Many readers have seen this dusty, bleak future before, but a poignant journey with a tenacious protagonist exudes freshness.


From the Dark Republic series , Vol. 1

In this dystopian thriller, a woman traverses a barren, treacherous wasteland in search of the only man with answers to her parents’ fate.

Soledad “Sol” Paz is a slave in the new world. Freelance traders took her from her family as a teen and sold her to Ernesto “Flaco” Guzmán. Guzmán’s a self-proclaimed revolutionary, leading an army against the Bullocks, who control much of the gas territory in Texas. Now a republic, Texas seceded from the United States when its natural gas replaced oil as a valuable commodity. The global economic collapse subsequently crushed the prospering republic, allowing for the Bullocks to seize power. With many citizens falling into poverty, Sol may be better off with Guzmán, even if he’s using her ability for his own benefit. She’s a reader, who, after chewing the weedy plant hierba, has heightened perception and can discern whether someone’s lying. But everything changes when she spots Abner Cunningham, her father’s apprentice whom Sol believed freelancers murdered along with her parents. Convinced they likewise survived, Sol escapes her camp with help from her friend Lela and smitten Rafa to track Abner. Their ultimate destination is Dallas, essentially the Bullocks’ capital, but they’ll have to brave demented religious zealots and the Bullocks’ technology, including attack drones, all with the hope that Sol will find her parents alive. The apocalyptic setting supplies a volatile climate, as Sol and company have no idea what to expect in the “unpoliced wastelands.” But Young (Juarez Square and Other Stories, 2015, etc.) intensifies his tale by making the good and bad guys nearly indistinguishable. Sol’s definitely a sympathetic protagonist, but Guzmán isn’t necessarily a villain. Lela, for one, sees him as her savior, rescuing her from the male-dominated boxing circuit, where she had no option but to succumb to men’s loathsome desires. At the same time, the cultist Fundies are unmistakably evil and a genuine threat to Sol, et. al. Dallas, as it turns out, is a place of revelation for Sol, who learns about her parents while fully realizing her potent gift, capable of seeing much more in others than simple lies.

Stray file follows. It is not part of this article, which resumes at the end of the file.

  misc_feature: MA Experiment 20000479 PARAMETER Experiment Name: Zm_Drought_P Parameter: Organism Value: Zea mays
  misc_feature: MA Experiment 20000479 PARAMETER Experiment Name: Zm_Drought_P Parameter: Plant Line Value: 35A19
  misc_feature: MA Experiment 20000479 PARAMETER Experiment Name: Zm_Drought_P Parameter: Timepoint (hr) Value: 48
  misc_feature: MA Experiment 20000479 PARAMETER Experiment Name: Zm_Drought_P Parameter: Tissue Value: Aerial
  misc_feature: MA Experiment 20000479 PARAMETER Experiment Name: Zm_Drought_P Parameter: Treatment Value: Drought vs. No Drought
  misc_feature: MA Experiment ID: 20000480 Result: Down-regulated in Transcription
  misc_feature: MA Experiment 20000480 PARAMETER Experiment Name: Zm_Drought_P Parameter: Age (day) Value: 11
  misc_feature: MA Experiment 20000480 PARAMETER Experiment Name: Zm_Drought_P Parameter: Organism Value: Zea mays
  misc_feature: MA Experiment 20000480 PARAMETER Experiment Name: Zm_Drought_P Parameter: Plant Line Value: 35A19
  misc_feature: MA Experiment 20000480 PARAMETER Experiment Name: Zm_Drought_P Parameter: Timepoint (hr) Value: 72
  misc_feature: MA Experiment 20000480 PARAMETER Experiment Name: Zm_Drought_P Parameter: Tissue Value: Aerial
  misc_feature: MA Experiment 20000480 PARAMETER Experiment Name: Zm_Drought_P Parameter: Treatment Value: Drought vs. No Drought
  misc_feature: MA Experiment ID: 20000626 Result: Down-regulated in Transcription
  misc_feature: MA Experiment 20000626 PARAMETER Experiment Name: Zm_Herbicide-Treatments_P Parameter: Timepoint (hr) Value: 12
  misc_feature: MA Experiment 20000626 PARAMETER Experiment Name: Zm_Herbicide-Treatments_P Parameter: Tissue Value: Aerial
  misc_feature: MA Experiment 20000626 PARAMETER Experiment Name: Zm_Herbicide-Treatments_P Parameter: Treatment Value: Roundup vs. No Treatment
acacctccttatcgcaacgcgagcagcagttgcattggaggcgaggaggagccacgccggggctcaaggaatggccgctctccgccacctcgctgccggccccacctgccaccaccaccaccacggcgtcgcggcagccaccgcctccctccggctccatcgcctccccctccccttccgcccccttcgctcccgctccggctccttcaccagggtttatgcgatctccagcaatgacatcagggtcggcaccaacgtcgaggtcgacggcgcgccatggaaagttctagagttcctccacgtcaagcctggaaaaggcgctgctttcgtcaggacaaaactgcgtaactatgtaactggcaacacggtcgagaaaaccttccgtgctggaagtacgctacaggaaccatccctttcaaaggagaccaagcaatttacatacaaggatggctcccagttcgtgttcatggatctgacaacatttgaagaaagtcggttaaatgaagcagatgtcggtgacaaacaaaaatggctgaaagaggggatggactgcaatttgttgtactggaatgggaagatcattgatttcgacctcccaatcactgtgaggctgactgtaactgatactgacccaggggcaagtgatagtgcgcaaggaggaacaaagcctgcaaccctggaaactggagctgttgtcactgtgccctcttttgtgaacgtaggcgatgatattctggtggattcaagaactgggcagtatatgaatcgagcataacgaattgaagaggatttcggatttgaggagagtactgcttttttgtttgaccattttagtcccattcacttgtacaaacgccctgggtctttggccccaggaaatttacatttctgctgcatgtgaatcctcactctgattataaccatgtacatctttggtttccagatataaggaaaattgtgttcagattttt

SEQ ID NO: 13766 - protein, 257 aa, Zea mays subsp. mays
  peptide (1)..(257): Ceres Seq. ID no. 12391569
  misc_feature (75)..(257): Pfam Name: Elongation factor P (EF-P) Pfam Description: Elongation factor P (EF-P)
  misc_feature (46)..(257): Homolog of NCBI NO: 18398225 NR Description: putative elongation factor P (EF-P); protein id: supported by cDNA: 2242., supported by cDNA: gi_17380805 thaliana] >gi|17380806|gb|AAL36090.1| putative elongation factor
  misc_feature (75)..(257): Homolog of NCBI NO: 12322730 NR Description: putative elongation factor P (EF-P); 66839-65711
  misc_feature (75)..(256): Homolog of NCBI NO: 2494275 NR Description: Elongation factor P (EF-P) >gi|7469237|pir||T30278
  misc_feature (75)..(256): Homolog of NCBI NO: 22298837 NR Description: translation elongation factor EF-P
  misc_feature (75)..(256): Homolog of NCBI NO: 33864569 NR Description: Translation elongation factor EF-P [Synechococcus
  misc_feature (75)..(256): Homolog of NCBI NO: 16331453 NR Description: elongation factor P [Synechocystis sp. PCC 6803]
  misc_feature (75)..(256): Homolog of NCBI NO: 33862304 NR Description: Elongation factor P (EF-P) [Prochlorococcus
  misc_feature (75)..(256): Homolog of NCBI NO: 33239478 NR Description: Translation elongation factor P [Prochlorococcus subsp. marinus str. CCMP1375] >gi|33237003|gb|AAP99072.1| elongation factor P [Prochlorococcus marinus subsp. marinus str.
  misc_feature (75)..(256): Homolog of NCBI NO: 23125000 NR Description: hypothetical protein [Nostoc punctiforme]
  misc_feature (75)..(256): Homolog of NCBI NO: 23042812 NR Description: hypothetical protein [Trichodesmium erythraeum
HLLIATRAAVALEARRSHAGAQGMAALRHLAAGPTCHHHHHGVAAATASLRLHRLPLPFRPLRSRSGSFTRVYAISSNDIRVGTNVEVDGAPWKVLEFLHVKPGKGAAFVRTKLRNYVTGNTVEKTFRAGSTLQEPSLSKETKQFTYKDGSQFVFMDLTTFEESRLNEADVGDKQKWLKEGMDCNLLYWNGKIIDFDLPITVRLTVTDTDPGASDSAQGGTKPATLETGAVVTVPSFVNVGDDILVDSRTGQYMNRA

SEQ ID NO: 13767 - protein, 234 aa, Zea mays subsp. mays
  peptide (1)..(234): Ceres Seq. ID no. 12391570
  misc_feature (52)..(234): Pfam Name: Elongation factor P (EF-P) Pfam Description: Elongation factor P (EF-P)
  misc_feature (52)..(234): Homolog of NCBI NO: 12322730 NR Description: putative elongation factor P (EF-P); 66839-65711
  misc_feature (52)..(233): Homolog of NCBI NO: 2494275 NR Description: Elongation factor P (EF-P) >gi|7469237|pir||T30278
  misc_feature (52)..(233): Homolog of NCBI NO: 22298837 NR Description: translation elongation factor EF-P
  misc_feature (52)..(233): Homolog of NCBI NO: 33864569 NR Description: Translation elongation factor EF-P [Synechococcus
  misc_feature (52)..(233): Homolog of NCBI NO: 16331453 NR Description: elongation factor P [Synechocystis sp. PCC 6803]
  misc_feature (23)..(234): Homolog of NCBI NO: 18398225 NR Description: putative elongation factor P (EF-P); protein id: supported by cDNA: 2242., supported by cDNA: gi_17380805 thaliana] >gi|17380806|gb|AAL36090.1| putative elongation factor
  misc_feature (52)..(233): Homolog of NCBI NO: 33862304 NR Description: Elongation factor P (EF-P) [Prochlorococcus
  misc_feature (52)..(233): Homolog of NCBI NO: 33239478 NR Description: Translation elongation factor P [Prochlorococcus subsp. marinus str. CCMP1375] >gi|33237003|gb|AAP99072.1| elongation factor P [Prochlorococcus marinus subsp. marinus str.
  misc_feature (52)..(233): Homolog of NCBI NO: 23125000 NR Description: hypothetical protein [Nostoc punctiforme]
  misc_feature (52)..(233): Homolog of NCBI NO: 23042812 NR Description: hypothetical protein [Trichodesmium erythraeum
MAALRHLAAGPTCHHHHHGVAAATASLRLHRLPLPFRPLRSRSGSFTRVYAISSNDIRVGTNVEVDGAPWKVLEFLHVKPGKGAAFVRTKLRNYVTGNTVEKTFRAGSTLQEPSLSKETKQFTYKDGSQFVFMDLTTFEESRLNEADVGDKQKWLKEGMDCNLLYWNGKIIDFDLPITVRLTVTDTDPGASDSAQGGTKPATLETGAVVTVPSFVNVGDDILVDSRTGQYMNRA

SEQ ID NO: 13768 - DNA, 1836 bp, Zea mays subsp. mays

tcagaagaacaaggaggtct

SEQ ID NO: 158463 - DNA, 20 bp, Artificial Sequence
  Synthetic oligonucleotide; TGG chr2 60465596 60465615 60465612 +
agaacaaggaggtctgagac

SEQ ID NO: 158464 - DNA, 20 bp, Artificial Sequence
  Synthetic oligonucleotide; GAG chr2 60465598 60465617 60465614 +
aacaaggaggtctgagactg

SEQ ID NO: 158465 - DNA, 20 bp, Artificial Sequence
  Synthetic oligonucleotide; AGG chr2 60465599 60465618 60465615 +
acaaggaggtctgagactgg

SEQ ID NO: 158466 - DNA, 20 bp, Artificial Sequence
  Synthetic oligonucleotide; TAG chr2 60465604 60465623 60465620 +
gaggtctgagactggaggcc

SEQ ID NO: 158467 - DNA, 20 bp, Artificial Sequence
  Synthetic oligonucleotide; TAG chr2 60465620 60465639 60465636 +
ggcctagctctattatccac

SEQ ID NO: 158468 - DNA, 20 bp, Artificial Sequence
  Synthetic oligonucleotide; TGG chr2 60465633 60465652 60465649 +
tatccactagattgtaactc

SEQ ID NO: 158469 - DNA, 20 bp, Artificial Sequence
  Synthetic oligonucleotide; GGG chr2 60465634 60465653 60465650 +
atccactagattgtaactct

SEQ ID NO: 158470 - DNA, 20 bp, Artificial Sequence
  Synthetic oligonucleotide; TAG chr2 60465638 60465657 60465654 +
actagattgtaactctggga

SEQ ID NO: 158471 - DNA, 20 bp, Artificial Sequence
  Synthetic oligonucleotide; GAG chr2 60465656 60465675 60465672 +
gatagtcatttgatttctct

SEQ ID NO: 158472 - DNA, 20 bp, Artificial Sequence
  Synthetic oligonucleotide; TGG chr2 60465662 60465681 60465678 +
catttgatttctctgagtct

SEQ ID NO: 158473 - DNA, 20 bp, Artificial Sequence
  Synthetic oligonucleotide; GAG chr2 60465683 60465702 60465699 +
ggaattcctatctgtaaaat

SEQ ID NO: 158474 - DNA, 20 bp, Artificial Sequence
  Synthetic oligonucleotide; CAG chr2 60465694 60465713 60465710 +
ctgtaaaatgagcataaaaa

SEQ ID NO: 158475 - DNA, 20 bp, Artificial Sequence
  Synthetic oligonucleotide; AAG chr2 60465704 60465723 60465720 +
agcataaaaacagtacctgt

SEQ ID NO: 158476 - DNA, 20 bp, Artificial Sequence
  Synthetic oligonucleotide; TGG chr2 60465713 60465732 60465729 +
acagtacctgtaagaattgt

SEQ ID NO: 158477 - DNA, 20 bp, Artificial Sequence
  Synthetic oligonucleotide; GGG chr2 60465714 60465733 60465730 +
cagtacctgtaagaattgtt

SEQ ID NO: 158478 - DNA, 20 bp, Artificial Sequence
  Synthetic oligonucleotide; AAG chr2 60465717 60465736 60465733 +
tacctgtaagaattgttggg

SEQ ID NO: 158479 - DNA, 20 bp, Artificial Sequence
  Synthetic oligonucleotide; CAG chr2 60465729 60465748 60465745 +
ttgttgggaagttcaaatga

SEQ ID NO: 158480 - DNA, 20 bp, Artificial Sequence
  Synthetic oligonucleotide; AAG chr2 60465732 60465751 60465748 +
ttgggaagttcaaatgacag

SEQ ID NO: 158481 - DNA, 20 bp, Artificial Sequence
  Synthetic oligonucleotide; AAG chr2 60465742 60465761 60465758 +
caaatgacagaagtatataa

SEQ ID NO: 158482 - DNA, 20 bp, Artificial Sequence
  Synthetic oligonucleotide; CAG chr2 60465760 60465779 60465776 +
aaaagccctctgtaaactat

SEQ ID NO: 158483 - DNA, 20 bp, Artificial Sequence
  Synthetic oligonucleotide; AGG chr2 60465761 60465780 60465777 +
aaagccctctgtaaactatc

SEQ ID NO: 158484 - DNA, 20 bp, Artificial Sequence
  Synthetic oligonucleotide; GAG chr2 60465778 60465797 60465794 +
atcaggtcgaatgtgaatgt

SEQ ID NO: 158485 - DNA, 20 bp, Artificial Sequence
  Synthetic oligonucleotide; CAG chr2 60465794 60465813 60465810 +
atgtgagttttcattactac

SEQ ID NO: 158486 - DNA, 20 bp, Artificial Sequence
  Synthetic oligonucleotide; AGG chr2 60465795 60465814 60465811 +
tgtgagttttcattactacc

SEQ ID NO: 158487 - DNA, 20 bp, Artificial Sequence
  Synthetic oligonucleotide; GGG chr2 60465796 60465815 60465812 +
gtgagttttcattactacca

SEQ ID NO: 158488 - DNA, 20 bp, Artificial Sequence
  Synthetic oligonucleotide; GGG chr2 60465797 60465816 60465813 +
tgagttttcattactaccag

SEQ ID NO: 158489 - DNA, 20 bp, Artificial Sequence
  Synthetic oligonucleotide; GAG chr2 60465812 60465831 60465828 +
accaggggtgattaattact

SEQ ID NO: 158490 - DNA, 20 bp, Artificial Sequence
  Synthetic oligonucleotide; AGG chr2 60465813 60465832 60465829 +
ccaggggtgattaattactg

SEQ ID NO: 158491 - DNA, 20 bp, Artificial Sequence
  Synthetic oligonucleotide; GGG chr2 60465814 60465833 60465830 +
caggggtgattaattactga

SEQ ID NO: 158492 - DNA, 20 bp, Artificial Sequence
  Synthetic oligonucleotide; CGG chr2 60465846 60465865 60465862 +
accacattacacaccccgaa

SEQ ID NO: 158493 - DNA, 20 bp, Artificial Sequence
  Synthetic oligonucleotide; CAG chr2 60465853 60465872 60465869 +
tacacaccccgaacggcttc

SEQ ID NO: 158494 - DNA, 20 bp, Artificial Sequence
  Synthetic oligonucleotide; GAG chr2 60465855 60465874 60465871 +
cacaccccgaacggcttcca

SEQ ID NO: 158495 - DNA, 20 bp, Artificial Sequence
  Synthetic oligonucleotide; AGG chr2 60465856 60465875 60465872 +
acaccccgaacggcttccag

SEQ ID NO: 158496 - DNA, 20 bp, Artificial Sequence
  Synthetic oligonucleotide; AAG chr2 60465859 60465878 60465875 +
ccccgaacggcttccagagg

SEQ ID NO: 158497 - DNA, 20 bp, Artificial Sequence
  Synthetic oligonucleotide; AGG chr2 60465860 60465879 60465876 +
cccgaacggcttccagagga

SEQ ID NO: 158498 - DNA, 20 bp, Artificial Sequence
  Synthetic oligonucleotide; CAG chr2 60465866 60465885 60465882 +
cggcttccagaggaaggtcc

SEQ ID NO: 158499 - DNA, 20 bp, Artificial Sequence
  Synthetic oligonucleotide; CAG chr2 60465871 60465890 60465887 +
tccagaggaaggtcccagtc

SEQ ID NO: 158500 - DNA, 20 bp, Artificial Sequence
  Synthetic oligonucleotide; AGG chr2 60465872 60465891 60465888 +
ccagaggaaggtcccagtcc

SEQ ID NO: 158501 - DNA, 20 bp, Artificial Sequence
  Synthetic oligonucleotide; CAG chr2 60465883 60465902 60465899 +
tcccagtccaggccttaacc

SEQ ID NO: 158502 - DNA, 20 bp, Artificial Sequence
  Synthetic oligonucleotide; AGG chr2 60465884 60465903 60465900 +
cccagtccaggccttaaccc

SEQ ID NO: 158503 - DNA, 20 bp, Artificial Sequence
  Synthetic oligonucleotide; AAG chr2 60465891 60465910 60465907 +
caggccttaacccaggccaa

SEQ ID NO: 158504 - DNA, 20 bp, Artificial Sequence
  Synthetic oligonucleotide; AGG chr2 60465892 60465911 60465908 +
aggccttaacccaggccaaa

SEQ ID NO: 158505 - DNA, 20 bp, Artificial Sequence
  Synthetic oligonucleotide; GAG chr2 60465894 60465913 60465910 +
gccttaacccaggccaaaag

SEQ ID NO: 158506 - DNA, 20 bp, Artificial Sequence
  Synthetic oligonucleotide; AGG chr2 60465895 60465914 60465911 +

Many readers have seen this dusty, bleak future before, but a poignant journey with a tenacious protagonist exudes freshness.

Pub Date: April 10, 2016

ISBN: 978-0-9908696-3-4

Page Count: 244

Publisher: Concordia Publishing House

Review Posted Online: May 9, 2016

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Unrelenting gloom relieved only occasionally by wrenching trauma; somehow, though, Hannah’s storytelling chops keep the...


Hannah’s sequel to Firefly Lane (2008) demonstrates that those who ignore family history are often condemned to repeat it.